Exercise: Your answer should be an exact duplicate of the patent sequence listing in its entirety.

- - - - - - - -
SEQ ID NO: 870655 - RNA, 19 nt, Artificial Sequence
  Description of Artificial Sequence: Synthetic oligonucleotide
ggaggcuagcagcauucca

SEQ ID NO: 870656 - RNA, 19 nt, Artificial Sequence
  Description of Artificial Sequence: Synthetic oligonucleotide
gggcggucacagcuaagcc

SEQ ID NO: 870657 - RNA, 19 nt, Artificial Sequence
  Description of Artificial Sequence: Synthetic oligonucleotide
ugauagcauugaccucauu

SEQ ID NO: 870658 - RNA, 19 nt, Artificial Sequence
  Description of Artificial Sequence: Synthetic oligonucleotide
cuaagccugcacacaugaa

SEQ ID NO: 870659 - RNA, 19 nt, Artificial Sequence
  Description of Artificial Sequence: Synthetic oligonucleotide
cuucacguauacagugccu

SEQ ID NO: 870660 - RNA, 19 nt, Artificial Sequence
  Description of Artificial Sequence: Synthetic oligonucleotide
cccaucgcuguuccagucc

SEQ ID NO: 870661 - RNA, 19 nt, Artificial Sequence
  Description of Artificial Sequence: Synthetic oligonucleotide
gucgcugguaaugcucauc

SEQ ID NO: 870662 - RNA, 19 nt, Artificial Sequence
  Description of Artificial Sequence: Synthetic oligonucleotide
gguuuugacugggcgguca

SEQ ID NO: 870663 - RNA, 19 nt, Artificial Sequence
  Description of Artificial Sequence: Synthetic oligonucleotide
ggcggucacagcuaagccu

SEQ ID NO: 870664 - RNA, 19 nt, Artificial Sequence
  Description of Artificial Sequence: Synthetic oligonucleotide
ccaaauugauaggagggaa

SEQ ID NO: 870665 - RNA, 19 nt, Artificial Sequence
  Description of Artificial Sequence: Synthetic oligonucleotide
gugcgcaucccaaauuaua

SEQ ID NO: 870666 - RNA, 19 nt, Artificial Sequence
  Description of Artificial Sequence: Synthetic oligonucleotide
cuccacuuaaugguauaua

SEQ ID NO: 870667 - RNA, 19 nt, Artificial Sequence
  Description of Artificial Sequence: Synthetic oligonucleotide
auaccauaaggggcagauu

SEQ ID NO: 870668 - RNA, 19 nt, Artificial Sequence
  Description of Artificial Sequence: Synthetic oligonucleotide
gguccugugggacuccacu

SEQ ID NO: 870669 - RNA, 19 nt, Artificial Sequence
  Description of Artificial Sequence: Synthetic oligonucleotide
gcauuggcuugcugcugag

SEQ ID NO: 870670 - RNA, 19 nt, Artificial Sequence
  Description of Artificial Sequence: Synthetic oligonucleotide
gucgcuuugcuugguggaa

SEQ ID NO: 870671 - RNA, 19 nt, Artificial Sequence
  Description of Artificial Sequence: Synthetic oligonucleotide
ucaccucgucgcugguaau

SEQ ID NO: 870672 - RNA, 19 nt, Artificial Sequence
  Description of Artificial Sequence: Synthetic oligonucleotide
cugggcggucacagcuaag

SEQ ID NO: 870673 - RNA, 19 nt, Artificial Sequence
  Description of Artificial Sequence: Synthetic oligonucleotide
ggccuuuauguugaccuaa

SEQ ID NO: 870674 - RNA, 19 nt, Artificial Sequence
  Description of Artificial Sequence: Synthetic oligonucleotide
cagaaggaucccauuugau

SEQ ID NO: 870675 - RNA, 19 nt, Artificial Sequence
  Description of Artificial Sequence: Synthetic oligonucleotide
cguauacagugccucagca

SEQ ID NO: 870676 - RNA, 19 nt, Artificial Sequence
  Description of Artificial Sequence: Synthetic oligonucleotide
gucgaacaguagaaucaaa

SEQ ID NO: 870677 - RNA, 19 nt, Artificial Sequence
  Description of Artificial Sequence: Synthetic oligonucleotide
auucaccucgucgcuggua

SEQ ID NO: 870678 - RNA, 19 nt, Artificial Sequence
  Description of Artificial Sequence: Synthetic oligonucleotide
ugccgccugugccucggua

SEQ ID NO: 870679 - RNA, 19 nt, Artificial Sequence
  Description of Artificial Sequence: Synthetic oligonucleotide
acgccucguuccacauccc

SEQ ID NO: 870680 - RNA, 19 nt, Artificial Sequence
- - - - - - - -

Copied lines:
SEQ ID NO: 870655 - RNA, 19 nt, Artificial Sequence
  Description of Artificial Sequence: Synthetic oligonucleotide
ggaggcuagcagcauucca

SEQ ID NO: 870656 - RNA, 19 nt, Artificial Sequence
  Description of Artificial Sequence: Synthetic oligonucleotide
gggcggucacagcuaagcc

SEQ ID NO: 870657 - RNA, 19 nt, Artificial Sequence
  Description of Artificial Sequence: Synthetic oligonucleotide
ugauagcauugaccucauu

SEQ ID NO: 870658 - RNA, 19 nt, Artificial Sequence
  Description of Artificial Sequence: Synthetic oligonucleotide
cuaagccugcacacaugaa

SEQ ID NO: 870659 - RNA, 19 nt, Artificial Sequence
  Description of Artificial Sequence: Synthetic oligonucleotide
cuucacguauacagugccu

SEQ ID NO: 870660 - RNA, 19 nt, Artificial Sequence
  Description of Artificial Sequence: Synthetic oligonucleotide
cccaucgcuguuccagucc

SEQ ID NO: 870661 - RNA, 19 nt, Artificial Sequence
  Description of Artificial Sequence: Synthetic oligonucleotide
gucgcugguaaugcucauc

SEQ ID NO: 870662 - RNA, 19 nt, Artificial Sequence
  Description of Artificial Sequence: Synthetic oligonucleotide
gguuuugacugggcgguca

SEQ ID NO: 870663 - RNA, 19 nt, Artificial Sequence
  Description of Artificial Sequence: Synthetic oligonucleotide
ggcggucacagcuaagccu

SEQ ID NO: 870664 - RNA, 19 nt, Artificial Sequence
  Description of Artificial Sequence: Synthetic oligonucleotide
ccaaauugauaggagggaa

SEQ ID NO: 870665 - RNA, 19 nt, Artificial Sequence
  Description of Artificial Sequence: Synthetic oligonucleotide
gugcgcaucccaaauuaua

SEQ ID NO: 870666 - RNA, 19 nt, Artificial Sequence
  Description of Artificial Sequence: Synthetic oligonucleotide
cuccacuuaaugguauaua

SEQ ID NO: 870667 - RNA, 19 nt, Artificial Sequence
  Description of Artificial Sequence: Synthetic oligonucleotide
auaccauaaggggcagauu

SEQ ID NO: 870668 - RNA, 19 nt, Artificial Sequence
  Description of Artificial Sequence: Synthetic oligonucleotide
gguccugugggacuccacu

SEQ ID NO: 870669 - RNA, 19 nt, Artificial Sequence
  Description of Artificial Sequence: Synthetic oligonucleotide
gcauuggcuugcugcugag

SEQ ID NO: 870670 - RNA, 19 nt, Artificial Sequence
  Description of Artificial Sequence: Synthetic oligonucleotide
gucgcuuugcuugguggaa

SEQ ID NO: 870671 - RNA, 19 nt, Artificial Sequence
  Description of Artificial Sequence: Synthetic oligonucleotide
ucaccucgucgcugguaau

SEQ ID NO: 870672 - RNA, 19 nt, Artificial Sequence
  Description of Artificial Sequence: Synthetic oligonucleotide
cugggcggucacagcuaag

SEQ ID NO: 870673 - RNA, 19 nt, Artificial Sequence
  Description of Artificial Sequence: Synthetic oligonucleotide
ggccuuuauguugaccuaa

SEQ ID NO: 870674 - RNA, 19 nt, Artificial Sequence
  Description of Artificial Sequence: Synthetic oligonucleotide
cagaaggaucccauuugau

SEQ ID NO: 870675 - RNA, 19 nt, Artificial Sequence
  Description of Artificial Sequence: Synthetic oligonucleotide
cguauacagugccucagca

SEQ ID NO: 870676 - RNA, 19 nt, Artificial Sequence
  Description of Artificial Sequence: Synthetic oligonucleotide
gucgaacaguagaaucaaa

SEQ ID NO: 870677 - RNA, 19 nt, Artificial Sequence
  Description of Artificial Sequence: Synthetic oligonucleotide
auucaccucgucgcuggua

SEQ ID NO: 870678 - RNA, 19 nt, Artificial Sequence
  Description of Artificial Sequence: Synthetic oligonucleotide
ugccgccugugccucggua

SEQ ID NO: 870679 - RNA, 19 nt, Artificial Sequence
  Description of Artificial Sequence: Synthetic oligonucleotide
acgccucguuccacauccc

SEQ ID NO: 870680 - RNA, 19 nt, Artificial Sequence